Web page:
Stories » The new trend in concert halls is original music by movie composers, no film required / Variety

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The new trend in concert halls is original music by movie composers, no film required / Variety

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For decades, concert commissions for film composers were few and far between. The increasing popularity of John Williams' film music, and his visibility as conductor of the Boston Pops in the 1980s and '90s, led to his writing a number of concert works, but Williams was, for the most part, the exception to the rule. That is changing, some composers say, because orchestra managers are reaching the belated conclusion that film music communicates immediately to audiences, and the current trend of live-to-picture concerts of movie hits (everything from "Star Wars" to "Lord of the Rings") is bringing in big bucks. As a result, adventurous programmers are seeking new works by established film composers in hopes that audiences have developed a thirst for similarly melodic, even exciting, music by names they recognize even if there are no images to accompany them.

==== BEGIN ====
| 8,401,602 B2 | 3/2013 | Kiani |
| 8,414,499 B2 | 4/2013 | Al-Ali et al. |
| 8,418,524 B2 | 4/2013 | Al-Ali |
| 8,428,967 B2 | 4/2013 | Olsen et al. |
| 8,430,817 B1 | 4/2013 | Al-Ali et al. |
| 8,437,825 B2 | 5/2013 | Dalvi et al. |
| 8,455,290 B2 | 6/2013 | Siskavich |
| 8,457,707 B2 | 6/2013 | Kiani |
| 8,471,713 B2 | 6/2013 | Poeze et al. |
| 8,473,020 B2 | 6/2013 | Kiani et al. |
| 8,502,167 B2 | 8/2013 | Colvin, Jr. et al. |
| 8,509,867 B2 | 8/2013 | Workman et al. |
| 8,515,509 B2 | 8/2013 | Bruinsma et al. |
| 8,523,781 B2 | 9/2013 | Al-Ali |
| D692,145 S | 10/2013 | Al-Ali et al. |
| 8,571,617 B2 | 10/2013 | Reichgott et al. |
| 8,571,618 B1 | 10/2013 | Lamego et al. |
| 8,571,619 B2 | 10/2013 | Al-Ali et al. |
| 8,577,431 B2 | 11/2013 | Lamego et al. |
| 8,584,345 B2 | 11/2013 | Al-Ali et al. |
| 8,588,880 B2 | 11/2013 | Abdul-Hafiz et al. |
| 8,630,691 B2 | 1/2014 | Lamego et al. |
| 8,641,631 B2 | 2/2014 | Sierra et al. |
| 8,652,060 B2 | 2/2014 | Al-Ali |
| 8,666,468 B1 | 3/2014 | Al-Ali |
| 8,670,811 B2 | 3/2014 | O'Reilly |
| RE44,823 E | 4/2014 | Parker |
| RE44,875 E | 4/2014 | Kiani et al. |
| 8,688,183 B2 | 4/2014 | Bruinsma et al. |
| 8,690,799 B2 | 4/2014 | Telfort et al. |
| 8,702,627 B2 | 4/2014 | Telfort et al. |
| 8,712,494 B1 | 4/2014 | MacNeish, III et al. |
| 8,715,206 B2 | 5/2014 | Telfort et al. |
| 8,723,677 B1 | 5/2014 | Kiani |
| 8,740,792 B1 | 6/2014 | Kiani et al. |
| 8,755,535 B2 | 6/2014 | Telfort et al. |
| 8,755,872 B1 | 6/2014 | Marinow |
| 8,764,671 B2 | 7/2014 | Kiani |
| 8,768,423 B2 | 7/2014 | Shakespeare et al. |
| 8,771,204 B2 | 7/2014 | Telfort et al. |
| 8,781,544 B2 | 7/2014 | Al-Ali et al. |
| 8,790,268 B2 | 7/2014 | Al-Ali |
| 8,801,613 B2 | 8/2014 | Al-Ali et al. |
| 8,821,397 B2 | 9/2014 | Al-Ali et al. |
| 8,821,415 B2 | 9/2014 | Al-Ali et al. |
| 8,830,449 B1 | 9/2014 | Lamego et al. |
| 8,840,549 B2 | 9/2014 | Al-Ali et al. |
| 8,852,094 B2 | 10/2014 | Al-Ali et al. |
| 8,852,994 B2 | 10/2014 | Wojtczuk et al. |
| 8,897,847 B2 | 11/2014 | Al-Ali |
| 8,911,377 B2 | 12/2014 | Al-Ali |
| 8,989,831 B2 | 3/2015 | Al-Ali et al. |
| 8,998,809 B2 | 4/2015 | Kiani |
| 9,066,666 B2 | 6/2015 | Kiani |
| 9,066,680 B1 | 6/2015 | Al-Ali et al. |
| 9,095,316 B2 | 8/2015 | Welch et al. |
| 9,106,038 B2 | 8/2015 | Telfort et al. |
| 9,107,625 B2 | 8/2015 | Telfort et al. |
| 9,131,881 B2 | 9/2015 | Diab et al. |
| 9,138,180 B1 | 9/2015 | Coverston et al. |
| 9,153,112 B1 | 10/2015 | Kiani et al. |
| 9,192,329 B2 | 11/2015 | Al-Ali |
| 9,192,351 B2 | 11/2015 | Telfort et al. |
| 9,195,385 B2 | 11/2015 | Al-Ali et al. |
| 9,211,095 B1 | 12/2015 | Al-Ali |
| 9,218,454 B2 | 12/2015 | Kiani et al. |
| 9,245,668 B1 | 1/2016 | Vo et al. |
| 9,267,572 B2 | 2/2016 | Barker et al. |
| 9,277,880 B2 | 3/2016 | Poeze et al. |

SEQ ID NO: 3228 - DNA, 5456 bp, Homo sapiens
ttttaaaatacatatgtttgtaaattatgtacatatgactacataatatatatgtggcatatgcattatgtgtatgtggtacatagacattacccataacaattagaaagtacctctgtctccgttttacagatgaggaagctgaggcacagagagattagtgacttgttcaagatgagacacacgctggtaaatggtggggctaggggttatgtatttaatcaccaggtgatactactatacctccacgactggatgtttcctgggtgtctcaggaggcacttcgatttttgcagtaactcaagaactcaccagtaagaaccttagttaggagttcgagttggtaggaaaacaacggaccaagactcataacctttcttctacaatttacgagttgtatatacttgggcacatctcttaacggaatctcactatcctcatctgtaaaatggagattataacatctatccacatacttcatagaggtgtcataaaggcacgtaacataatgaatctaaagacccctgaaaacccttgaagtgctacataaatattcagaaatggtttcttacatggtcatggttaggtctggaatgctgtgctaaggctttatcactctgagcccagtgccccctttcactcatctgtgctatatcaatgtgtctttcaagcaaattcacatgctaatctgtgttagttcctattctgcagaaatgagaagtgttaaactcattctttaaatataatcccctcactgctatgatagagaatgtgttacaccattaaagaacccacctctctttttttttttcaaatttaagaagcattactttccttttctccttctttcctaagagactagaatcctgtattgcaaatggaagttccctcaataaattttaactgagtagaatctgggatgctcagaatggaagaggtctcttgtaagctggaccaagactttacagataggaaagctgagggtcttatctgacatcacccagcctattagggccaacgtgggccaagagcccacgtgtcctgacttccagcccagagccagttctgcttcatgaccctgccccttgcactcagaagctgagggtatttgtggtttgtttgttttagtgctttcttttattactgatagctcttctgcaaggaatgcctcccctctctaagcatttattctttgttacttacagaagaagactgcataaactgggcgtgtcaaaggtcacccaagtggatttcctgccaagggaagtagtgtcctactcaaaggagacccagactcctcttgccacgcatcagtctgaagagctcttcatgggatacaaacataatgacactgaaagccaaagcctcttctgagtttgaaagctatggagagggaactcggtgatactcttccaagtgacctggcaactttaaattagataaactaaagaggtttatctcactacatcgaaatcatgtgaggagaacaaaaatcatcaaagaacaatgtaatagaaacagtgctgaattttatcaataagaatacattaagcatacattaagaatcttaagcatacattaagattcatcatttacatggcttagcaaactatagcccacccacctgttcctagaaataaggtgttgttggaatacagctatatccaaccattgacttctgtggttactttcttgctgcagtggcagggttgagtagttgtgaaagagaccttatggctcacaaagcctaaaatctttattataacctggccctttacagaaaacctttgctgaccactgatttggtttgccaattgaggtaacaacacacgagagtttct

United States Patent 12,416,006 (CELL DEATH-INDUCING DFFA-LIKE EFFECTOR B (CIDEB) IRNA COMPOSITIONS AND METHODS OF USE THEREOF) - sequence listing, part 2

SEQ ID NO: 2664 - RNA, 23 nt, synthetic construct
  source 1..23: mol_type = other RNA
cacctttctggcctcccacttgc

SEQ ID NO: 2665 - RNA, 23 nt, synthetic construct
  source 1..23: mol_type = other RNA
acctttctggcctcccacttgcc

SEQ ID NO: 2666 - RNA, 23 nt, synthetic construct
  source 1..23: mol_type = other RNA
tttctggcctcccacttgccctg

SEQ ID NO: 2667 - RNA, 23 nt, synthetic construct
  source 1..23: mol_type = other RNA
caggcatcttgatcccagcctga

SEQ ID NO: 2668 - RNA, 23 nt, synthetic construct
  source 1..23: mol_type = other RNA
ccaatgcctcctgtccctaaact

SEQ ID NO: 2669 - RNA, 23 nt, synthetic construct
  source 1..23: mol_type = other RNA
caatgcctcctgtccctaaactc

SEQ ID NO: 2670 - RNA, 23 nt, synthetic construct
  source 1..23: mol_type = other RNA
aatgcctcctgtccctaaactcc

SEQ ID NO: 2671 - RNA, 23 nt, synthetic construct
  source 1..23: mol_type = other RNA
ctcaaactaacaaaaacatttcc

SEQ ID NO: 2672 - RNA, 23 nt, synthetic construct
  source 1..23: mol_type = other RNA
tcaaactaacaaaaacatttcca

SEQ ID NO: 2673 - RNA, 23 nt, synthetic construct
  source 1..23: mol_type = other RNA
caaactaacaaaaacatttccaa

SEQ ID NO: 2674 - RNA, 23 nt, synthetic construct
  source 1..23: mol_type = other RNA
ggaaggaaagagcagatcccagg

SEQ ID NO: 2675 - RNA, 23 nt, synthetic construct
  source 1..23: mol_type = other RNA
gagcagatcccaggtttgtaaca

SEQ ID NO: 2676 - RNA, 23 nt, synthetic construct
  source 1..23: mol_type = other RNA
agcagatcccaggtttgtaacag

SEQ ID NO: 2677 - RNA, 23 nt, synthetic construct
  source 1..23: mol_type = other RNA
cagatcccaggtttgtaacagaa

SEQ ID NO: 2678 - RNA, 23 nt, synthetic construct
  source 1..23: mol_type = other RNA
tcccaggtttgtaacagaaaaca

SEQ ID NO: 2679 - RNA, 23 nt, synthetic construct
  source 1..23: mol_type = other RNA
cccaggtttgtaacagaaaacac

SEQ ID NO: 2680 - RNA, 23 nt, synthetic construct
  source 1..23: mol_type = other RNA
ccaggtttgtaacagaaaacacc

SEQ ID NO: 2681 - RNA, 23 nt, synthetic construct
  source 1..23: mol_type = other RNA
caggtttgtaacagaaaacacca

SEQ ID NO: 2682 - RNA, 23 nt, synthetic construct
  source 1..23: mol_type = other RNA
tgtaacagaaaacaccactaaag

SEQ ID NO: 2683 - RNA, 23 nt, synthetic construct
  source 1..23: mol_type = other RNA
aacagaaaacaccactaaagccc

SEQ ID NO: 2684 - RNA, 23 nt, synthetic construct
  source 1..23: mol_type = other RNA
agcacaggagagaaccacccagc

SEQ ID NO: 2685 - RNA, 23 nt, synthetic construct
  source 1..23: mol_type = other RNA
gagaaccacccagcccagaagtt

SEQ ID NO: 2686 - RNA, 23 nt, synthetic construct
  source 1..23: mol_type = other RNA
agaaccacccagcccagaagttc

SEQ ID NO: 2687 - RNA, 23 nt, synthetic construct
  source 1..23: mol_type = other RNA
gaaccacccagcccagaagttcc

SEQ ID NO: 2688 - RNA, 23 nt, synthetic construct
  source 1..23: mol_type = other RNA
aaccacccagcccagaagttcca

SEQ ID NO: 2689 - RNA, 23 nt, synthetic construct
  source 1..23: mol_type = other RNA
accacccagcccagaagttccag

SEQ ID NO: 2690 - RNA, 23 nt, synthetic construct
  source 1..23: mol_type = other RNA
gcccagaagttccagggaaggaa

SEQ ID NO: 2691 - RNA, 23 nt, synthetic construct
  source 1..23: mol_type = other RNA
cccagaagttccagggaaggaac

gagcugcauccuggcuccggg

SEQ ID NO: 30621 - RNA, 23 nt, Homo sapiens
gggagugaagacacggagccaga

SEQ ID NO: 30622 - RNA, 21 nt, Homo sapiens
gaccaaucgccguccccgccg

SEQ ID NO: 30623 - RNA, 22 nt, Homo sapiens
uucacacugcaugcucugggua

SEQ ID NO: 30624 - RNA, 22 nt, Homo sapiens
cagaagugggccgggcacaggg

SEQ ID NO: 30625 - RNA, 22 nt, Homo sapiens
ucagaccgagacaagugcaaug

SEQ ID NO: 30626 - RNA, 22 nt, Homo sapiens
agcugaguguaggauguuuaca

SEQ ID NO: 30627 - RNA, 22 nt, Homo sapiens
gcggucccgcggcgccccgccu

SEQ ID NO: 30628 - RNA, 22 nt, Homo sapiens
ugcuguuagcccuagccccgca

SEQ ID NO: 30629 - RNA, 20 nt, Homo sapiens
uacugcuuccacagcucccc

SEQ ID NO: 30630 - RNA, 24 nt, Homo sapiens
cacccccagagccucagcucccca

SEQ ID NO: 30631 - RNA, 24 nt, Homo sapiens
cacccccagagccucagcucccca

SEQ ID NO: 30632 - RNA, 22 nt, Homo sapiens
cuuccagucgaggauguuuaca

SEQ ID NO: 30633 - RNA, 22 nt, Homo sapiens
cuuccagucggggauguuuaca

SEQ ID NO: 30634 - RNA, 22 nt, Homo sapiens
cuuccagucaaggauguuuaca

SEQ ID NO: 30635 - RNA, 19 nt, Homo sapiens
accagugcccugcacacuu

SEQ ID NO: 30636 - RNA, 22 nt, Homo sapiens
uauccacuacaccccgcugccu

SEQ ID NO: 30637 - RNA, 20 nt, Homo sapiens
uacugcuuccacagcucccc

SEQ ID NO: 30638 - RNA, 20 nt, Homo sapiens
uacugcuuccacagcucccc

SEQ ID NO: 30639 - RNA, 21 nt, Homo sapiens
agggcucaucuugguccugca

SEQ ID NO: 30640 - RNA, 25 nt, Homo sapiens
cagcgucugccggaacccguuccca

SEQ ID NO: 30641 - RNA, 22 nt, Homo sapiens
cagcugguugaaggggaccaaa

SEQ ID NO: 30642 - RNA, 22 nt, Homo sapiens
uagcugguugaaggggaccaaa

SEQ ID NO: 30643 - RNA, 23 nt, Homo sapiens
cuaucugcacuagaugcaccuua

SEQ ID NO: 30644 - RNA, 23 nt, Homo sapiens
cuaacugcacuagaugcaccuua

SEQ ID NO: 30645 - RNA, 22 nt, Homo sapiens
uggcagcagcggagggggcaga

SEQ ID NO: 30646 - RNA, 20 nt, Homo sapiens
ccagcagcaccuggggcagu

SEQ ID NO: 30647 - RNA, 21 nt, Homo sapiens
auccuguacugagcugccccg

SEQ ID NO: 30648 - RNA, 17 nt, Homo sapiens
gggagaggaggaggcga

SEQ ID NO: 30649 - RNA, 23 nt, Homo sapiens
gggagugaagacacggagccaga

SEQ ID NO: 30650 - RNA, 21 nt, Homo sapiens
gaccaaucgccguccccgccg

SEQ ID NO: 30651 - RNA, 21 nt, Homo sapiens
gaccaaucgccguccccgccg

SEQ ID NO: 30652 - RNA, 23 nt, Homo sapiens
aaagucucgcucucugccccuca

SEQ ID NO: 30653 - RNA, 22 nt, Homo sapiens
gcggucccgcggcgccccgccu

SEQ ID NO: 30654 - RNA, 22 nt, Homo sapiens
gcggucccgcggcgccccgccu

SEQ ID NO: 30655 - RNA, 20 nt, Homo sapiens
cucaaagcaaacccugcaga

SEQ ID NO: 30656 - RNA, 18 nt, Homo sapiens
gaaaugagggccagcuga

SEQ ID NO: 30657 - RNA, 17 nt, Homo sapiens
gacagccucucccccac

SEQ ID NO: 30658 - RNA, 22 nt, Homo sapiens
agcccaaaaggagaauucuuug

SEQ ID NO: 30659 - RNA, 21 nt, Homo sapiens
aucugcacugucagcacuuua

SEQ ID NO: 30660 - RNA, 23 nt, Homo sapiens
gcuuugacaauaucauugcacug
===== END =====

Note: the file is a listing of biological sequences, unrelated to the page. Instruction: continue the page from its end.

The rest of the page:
Several concert works by film composers will debut in the next few weeks including;

- "Eleven Eleven," a violin concerto by Danny Elfman 

- "All American," an overture by Laura Karpman ("Underground"), Aug. 22 with the Los Angeles Philharmonic at the Hollywood Bowl.

- A symphony for orchestra and two pianos by Cliff Eidelman ("Star Trek VI").


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